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2004-09-21 Latvia's charm is still around after years of Russian rule

With new nations joining the EU all the time, not only will theseface nations make it more difficult for their bullying neighbours to re-invade, but also it is now much easier for those intrepid explorers amongst us to visit these enticing new European family members.

 

At first sight Latvia seems a lot like Ireland - unspoiled countryside, long sandy beaches, pine forests, wooded hillsides, bogs, wetlands, and a few medieval castles dotted about the green expanse. We were picked up at Riga's architecturally impressive airport by our driver - Elvis! A few Latvian expletives were projected out the window, then those blue suede shoes hit that accelerator, and we all had had our first taste of Baltic road rage. Our hotel's motto was a little unsettling - 'Everything else but ordinary' - but was nonetheless perfectly comfortable, though somehow reminiscient of the Soviet era.

 

Only half of the country's 2 million people are ethnic Latvian ; the other half mostly Russian.One third of the population live in the capital; much the same as us really. Riga has the monuments and architecture of a real metropolis. Old Riga is a maze of zig-zagging alleyways brimming with a wealth of historic edifices, red brick churches and colourful façades displaying its eight centuries of chequered history. Elsewhere, bustling boulevards, richly ornamented Art Nouveau architecture, trendy bars and restaurants show just why Riga is fast becoming a popular city-break destination.

 

Mr O'Leary has even decided to begin flying those no-frills-flying-machines direct to Riga later this year.

 

In 1201, a German crusading priest - Albert von Buxhoeveden - arrived in Riga, enslaving and massacring the Balts in the name of Christianity (What was the 6th commandment Albert?). The entire region was plundered in the following centuries by invading Poles, Lithuanians, Swedes, Germans, and most recently Russians (1940 - 1991). When speaking to Latvians you quickly realise how unpopular the Russians still are in some quarters. When in Latvia, do as the Latvians do. So, after our performance at Riga's imperious 19th century Opera House, instead of a drink at 'Paddy Whelans', we all headed to a large cellar bar/club called Etri Balti Krekli. The Club is popular with a crowd keen to escape the usual techno, house and garage (I definitely fall into that category), and is known for it's Latvian-only music, played by some of the city's finest bands. After we adjusted to the strange smoky atmosphere (Come on Latvia, follow our example, Come on Europe?), we were offered a shot each of the Latvian national drink. Balzams is a 45% proof liqueur made from roots, grasses and herbs, and from it's rather acquired medicinal taste, one would expect this elixir to have a sign on the bottle saying Take 3 times a day after eating". But who am I to complain?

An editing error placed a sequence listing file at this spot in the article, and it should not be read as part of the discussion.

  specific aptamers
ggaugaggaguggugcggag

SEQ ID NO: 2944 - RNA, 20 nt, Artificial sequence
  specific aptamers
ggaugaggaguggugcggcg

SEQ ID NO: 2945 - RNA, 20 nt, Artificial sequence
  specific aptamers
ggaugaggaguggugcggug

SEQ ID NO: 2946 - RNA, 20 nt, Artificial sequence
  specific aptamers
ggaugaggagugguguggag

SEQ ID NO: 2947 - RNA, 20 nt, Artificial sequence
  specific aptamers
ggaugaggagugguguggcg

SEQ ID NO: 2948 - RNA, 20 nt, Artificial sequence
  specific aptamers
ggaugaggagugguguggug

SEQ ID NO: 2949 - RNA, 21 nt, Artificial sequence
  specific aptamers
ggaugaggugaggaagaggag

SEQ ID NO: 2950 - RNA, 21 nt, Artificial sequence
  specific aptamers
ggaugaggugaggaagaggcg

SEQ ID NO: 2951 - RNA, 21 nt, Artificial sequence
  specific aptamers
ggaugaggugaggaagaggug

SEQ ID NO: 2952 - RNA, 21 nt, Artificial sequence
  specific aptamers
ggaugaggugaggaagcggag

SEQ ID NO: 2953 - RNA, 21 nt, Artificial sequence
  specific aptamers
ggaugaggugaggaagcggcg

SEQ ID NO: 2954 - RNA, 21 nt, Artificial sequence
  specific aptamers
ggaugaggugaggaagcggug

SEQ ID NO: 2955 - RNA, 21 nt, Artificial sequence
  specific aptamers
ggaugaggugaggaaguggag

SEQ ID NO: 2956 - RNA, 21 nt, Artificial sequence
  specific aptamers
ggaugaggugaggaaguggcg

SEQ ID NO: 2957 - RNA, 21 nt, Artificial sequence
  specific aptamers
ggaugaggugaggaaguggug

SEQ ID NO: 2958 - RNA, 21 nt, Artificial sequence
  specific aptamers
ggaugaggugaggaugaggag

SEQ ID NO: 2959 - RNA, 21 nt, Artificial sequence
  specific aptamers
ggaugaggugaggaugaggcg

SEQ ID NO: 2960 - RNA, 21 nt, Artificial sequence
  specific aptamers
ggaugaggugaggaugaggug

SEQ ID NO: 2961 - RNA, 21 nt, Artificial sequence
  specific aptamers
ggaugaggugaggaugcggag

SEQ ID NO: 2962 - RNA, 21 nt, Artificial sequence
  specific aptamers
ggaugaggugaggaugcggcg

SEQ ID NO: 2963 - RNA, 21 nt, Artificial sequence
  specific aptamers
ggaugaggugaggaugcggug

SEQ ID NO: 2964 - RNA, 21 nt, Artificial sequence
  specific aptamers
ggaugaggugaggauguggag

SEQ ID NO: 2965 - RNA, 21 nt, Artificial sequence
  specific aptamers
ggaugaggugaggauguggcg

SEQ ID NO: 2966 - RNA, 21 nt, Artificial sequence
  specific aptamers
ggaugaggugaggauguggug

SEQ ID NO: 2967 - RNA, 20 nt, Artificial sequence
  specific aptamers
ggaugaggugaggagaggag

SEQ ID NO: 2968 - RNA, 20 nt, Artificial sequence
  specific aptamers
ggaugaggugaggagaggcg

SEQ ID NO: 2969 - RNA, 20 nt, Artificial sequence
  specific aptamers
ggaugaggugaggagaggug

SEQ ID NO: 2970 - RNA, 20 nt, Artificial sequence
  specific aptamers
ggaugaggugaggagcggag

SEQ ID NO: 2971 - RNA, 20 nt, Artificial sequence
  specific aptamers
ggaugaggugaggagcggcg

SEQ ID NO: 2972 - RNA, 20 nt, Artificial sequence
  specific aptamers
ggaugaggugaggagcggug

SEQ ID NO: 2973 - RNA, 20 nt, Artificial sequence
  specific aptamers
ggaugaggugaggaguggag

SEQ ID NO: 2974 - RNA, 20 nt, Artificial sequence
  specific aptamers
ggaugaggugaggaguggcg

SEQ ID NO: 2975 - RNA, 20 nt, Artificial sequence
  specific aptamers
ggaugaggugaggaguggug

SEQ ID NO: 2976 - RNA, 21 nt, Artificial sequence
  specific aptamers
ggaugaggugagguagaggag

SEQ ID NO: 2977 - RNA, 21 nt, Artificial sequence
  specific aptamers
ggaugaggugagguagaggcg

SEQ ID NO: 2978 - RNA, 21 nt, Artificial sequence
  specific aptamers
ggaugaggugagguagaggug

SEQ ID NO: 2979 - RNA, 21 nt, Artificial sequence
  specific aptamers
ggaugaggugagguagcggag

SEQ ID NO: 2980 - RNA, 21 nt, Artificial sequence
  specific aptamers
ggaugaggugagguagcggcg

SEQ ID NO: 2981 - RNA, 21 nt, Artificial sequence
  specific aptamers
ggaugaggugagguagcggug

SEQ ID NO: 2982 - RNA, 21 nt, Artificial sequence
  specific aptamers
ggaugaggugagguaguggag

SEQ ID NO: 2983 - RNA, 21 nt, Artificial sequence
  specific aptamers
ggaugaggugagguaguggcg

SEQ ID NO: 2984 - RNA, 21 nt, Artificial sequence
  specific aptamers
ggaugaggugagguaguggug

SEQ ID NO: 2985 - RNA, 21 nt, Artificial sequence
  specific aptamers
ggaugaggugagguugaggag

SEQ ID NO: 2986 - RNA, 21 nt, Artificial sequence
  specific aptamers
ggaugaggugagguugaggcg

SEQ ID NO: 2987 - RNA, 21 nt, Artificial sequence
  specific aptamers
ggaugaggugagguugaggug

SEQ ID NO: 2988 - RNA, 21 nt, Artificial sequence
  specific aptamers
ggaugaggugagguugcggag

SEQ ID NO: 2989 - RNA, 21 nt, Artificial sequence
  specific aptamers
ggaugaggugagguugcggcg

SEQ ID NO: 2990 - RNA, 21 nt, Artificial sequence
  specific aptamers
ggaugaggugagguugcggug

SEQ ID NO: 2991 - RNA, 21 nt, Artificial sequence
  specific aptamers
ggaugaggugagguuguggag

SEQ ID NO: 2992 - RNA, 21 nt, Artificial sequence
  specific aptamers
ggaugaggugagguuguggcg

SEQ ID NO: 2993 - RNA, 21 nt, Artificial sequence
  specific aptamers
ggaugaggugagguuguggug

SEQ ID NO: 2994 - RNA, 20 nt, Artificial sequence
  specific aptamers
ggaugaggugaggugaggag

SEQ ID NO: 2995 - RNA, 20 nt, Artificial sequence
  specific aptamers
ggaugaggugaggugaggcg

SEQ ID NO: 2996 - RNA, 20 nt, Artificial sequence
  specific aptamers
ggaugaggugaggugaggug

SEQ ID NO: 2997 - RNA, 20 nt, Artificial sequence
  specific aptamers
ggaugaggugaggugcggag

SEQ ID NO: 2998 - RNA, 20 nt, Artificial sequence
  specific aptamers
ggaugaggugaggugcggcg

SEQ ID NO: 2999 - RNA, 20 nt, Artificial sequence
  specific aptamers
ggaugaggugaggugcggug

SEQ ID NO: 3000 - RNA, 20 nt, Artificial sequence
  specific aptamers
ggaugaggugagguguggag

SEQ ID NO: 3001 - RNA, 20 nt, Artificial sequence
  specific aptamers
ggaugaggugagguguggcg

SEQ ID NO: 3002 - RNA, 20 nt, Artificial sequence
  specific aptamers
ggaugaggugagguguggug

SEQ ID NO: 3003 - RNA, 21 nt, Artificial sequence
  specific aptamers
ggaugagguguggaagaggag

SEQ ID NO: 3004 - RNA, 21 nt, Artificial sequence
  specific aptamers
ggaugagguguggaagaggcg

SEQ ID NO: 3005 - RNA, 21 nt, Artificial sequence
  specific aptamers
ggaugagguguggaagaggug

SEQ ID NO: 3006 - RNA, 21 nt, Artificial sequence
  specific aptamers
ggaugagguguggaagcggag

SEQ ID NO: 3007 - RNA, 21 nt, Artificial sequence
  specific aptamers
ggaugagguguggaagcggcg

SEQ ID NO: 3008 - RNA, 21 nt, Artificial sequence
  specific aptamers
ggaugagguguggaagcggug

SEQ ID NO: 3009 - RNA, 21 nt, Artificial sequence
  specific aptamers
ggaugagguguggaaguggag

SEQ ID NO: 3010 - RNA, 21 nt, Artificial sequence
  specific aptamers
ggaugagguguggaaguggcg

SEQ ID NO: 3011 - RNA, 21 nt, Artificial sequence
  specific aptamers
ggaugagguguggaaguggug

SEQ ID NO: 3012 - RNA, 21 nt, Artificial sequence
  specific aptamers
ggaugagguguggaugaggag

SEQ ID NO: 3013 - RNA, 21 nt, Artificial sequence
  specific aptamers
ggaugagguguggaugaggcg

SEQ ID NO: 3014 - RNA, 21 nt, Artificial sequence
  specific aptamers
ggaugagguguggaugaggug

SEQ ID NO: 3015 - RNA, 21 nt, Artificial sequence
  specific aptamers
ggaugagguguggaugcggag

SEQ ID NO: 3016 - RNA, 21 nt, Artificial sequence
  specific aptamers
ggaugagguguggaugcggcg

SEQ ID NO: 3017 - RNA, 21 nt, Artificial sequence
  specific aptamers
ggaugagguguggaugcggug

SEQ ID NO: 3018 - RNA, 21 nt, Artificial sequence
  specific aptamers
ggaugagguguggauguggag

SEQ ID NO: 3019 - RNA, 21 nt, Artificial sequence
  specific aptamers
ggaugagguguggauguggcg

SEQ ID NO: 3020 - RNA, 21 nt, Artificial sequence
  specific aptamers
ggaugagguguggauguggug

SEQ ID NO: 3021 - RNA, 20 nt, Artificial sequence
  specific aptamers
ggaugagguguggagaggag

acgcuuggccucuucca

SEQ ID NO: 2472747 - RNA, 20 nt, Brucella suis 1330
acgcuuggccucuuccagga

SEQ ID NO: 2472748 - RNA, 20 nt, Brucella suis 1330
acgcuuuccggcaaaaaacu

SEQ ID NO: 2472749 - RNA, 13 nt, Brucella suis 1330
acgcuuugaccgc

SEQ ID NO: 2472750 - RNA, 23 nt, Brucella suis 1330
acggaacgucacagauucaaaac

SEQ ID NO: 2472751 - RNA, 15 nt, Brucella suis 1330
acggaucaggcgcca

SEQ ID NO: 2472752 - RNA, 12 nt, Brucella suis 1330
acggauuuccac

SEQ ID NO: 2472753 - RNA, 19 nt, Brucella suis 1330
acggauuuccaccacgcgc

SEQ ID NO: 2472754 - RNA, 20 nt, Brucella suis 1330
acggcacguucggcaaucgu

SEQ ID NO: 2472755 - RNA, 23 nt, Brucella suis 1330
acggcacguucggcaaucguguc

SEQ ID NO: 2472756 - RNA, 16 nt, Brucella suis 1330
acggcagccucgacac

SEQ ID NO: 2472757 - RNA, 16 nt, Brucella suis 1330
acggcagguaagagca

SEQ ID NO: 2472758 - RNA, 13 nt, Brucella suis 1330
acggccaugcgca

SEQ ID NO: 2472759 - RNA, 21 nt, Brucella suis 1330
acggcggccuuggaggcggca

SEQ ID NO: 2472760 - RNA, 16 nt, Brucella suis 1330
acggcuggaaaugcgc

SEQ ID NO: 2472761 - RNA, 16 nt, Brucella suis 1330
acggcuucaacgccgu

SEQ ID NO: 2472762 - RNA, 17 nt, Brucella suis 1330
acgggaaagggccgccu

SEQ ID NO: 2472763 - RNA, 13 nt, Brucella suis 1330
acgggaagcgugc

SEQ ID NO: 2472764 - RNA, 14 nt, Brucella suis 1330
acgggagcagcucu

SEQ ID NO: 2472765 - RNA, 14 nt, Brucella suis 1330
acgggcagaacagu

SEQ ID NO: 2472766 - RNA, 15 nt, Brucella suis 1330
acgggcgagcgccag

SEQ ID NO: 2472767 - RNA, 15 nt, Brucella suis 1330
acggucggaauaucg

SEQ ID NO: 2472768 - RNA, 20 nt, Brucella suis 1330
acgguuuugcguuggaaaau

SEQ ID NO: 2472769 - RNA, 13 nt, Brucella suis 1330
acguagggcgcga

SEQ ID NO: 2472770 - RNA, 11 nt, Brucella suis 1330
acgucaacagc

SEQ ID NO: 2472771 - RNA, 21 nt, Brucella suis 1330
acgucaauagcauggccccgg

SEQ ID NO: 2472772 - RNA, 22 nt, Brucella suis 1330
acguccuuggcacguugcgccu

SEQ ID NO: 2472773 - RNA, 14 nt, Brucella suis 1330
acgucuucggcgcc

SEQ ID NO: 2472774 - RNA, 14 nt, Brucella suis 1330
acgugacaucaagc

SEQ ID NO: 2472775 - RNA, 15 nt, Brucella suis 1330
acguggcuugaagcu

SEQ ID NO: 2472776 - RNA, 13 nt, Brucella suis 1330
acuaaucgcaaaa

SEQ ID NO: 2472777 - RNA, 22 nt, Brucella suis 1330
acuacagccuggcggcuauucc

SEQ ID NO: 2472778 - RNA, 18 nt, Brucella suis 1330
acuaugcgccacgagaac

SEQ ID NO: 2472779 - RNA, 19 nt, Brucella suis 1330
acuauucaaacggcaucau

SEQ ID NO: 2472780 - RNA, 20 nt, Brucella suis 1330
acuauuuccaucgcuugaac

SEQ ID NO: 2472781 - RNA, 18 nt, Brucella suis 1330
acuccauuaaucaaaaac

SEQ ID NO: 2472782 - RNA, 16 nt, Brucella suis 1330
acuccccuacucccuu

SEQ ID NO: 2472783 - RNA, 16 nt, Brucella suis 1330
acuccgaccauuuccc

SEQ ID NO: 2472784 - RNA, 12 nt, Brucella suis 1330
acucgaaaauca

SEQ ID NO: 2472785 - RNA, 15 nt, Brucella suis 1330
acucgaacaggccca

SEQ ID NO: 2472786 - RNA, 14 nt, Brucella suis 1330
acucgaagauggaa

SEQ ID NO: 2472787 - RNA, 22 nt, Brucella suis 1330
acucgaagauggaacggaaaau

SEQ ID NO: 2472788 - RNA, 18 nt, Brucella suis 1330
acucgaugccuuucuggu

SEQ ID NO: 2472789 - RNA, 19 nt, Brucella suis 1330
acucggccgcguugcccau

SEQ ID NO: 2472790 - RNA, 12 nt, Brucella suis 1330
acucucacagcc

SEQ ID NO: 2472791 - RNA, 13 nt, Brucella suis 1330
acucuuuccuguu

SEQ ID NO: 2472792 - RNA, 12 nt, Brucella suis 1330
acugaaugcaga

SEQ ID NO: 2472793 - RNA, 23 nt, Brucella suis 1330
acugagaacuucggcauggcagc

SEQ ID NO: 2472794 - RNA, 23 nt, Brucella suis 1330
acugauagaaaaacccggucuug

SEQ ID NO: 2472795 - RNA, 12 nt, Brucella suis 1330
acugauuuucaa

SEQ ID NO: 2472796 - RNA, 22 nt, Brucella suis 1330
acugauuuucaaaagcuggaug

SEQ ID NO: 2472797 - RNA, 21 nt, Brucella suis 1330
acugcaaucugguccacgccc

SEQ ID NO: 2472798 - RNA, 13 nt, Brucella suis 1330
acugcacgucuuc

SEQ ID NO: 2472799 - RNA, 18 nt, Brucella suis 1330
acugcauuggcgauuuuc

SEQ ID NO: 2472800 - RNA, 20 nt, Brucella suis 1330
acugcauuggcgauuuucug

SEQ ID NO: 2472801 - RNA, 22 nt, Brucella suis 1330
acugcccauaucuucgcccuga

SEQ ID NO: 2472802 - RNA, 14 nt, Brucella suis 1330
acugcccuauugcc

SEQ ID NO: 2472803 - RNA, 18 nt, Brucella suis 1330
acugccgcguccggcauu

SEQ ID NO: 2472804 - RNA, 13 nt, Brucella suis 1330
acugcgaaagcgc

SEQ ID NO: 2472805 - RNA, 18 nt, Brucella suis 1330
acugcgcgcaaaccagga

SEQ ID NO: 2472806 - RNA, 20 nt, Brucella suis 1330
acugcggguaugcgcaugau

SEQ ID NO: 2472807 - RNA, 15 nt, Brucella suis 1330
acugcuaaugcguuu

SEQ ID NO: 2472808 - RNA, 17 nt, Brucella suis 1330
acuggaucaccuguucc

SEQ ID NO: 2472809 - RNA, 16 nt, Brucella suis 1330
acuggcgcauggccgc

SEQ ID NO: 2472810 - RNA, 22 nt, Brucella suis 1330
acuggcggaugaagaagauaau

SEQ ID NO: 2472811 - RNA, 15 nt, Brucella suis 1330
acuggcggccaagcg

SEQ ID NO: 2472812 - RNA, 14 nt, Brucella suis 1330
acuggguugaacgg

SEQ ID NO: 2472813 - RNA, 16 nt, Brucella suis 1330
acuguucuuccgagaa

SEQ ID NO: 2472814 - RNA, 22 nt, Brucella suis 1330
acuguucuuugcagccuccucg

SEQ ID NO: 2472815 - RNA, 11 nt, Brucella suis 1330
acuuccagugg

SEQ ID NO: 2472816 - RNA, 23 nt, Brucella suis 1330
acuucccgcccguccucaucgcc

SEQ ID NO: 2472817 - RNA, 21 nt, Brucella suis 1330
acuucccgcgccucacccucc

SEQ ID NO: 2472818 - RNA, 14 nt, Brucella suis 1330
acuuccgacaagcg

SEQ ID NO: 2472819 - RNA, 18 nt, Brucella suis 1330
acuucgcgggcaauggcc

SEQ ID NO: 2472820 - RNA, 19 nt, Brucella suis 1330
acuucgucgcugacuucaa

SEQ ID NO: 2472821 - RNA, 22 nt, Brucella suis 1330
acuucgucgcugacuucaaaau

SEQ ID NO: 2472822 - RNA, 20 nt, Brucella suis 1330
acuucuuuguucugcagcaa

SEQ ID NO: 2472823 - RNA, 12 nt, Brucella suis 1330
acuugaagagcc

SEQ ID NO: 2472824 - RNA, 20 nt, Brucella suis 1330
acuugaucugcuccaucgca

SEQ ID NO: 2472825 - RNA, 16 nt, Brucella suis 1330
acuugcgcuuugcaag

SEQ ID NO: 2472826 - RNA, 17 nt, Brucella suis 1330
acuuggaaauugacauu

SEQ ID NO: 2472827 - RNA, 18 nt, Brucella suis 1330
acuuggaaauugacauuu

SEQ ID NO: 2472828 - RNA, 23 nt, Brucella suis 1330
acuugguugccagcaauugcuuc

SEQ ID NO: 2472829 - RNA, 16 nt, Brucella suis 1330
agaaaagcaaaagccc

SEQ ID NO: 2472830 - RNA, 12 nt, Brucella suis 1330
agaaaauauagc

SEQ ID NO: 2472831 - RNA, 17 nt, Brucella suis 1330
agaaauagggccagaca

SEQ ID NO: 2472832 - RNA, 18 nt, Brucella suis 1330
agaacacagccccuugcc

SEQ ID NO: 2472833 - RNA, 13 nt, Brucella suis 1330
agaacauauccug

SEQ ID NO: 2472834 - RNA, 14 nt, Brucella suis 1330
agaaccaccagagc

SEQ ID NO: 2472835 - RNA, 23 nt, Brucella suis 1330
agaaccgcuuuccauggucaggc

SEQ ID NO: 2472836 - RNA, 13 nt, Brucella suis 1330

A round of drinks for 5 people cost less than 5 lat (roughly £5 Sterling). Food, drink, public transport and postage was cheap, but other than that the cost of living in Latvia is high,though not as laughable as Ireland! That night I definitely overdid it on the Benylin, or was it Balzams? I had been affected by a real feeling of Baltic solidarity, and so when I found myself writing anti-Russian graffiti on the tables I knew it was time to call it a night. The following morning we were taken on a whistle-stop tour of the city centre - the huge 13th Century Romanesque Cathedral with a relatively austere interior, the pretty blue-roofed Catholic Church of St Jacobs, the Latvian President's Official Residence, the 14th Century Gunpowder Tower, the Three Brothers' tumbling Rigan houses, the fittingly ugly 'Museum of Latvian Occupation', Riga's old moat - now the city canal, and the recently rebuilt Town Hall Square with it's colourful late Gothic 'House of the Blackheads', and the Freedom Monument where Prince Charles was slapped in the face by a carnation! An enthusiastic folk-song and choral singing tradition has helped keep the Latvian language alive, and despite having even more 'cases' than German, Latvian is pronounced more or less as you see it.

 

The almost sacred symbol of Latvia is 'the stork', which symbolises good fortune and protection. The people of this Soviet-scarred nation on first meeting almost seem a little cold, but I think after years of occupation you can hardly blame them for what is more likely to be an initial lack of trust.